No Traction for Non-Gasoline Vehicles
December 2, 2013
With U.S. sales of plug-in electric vehicles on pace to reach half of President Barack Obama's goal, regulators are following customers and automakers to vehicles powered by other fuels, from hydrogen to diesel, says Bloomberg.
In September, the most recent month available, 9 percent of customers visiting the auto-information website Edmunds.com considered a non-gasoline vehicle.
- Hybrid-electrics such as Toyota's Prius were the most considered at 4.1 percent, followed by diesel with 2.1 percent.
- Only 0.8 percent of customers shopped for a plug-in electric hybrid while 1.9 percent looked at fully electric cars.
- Diesel is about one-third more fuel-efficient than gasoline in comparably sized vehicles, according to the U.S. Energy Department.
Early in Obama's presidency, then-Energy Secretary Steven Chu questioned the merits of hydrogen-powered cars and cut funding for fuel-cell research.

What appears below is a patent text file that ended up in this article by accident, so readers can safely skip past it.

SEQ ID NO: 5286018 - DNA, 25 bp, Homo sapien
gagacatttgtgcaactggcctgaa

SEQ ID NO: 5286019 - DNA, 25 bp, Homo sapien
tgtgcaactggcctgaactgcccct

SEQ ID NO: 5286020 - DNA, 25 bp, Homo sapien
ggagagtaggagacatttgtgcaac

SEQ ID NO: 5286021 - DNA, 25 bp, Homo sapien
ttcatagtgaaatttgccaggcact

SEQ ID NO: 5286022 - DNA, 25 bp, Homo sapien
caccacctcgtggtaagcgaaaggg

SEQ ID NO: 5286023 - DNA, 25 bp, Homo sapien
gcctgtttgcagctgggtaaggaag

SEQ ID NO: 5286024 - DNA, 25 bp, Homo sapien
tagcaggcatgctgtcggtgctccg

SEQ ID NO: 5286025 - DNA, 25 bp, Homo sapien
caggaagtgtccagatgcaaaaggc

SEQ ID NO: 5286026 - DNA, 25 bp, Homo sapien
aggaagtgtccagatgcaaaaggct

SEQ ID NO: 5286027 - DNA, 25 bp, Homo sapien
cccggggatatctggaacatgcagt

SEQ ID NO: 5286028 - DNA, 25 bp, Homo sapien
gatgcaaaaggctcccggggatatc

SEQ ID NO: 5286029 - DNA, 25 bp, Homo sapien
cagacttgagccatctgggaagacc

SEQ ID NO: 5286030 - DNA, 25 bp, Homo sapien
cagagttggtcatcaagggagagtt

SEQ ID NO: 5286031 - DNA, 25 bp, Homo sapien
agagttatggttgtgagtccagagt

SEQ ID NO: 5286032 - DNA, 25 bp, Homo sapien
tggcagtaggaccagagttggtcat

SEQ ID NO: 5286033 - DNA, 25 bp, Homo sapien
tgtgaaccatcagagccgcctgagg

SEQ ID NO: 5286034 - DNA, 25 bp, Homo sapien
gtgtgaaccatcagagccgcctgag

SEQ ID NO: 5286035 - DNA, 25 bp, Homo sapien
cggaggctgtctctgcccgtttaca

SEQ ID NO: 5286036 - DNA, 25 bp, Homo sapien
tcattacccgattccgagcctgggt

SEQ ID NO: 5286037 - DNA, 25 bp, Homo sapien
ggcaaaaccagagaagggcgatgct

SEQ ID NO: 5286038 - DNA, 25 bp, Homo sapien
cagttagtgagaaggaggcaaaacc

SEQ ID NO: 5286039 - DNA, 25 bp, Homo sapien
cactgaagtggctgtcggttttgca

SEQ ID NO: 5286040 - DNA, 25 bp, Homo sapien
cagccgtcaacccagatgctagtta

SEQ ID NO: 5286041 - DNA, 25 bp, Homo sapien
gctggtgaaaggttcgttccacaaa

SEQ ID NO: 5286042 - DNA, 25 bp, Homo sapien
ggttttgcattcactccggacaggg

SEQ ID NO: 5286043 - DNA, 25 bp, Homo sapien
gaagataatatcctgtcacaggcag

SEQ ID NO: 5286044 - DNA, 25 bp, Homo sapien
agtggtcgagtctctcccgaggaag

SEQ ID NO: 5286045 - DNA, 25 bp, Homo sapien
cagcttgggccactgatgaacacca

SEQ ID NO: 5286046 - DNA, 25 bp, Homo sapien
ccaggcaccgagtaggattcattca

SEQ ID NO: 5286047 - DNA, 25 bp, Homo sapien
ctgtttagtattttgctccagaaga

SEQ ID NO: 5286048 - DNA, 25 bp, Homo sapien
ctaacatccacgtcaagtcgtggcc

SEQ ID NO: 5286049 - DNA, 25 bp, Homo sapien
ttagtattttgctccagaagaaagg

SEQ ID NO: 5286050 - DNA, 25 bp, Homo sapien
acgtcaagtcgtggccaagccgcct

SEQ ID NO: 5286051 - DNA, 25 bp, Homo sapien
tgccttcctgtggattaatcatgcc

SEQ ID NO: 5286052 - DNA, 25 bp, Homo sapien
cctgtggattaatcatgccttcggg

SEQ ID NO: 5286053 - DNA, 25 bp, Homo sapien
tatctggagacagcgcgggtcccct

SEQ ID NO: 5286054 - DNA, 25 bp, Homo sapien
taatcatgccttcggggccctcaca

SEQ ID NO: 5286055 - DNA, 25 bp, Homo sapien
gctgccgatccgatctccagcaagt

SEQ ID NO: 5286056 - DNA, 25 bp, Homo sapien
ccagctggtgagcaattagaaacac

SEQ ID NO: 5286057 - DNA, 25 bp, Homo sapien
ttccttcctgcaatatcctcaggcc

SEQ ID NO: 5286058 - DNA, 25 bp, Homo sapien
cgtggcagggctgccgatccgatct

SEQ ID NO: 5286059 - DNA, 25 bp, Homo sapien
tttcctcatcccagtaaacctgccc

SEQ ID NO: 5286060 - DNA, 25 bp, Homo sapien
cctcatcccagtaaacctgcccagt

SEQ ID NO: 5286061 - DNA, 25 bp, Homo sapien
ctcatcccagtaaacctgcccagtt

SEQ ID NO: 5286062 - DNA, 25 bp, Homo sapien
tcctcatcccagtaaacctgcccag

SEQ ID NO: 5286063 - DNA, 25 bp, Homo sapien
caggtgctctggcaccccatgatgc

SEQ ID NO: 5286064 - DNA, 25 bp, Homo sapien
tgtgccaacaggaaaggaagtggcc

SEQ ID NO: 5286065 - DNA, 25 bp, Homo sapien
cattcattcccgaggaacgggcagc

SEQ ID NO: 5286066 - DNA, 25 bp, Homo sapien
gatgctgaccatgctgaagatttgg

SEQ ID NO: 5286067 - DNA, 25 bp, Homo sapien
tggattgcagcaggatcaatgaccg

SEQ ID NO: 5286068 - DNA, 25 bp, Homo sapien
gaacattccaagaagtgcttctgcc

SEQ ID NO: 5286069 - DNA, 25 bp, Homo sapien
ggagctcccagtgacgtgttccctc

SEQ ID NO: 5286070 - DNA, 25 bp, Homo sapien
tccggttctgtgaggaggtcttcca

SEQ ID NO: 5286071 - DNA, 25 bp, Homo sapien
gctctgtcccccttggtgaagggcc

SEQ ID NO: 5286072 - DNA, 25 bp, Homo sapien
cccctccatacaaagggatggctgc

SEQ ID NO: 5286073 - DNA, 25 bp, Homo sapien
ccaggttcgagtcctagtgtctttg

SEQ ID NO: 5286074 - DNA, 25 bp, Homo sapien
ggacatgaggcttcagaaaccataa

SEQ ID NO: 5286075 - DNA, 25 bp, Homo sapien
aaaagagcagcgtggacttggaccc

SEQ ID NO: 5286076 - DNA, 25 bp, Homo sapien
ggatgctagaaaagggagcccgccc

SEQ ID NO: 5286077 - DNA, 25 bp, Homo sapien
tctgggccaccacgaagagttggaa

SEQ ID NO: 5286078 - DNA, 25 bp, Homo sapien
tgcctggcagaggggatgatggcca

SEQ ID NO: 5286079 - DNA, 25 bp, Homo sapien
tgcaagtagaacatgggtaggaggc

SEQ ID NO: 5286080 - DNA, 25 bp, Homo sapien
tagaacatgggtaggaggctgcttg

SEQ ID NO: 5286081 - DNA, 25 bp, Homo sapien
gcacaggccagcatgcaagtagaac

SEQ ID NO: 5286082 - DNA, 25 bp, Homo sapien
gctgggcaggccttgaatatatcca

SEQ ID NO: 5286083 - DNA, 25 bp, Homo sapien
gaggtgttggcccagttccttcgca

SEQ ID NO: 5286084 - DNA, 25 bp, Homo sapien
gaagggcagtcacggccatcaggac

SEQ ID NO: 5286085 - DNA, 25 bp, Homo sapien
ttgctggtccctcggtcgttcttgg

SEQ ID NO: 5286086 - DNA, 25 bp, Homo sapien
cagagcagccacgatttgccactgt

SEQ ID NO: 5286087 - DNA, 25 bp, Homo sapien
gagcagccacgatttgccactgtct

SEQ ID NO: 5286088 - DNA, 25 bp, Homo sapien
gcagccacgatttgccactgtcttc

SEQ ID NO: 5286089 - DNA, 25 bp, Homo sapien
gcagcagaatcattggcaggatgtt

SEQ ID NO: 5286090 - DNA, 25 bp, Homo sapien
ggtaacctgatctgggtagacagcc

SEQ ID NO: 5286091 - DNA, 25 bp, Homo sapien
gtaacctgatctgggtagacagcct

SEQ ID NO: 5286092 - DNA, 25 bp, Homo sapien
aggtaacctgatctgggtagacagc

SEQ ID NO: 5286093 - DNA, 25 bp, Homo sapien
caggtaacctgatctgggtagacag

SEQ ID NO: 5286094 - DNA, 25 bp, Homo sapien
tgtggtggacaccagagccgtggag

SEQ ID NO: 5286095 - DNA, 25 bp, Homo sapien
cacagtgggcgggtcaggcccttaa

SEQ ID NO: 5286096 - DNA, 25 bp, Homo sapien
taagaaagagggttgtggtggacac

- Administration officials began praising fuel cells in 2012 and recently announced $4 million in awards to develop better hydrogen storage systems that would benefit autos.
- In September, California passed a measure to fund at least 100 hydrogen fueling stations as part of its clean-vehicle plans.
Automakers that sell vehicles in the United States must double their vehicles' average fuel economy by 2025 under rules Obama adopted. The target is considered impossible to achieve just by improving the gasoline engine.
Source: Angela Greiling Keane, "Diesel, Fuel Cells Get Spotlight as Plug-Ins Lose Favor," Bloomberg, November 11, 2013.
Browse more articles on Environment Issues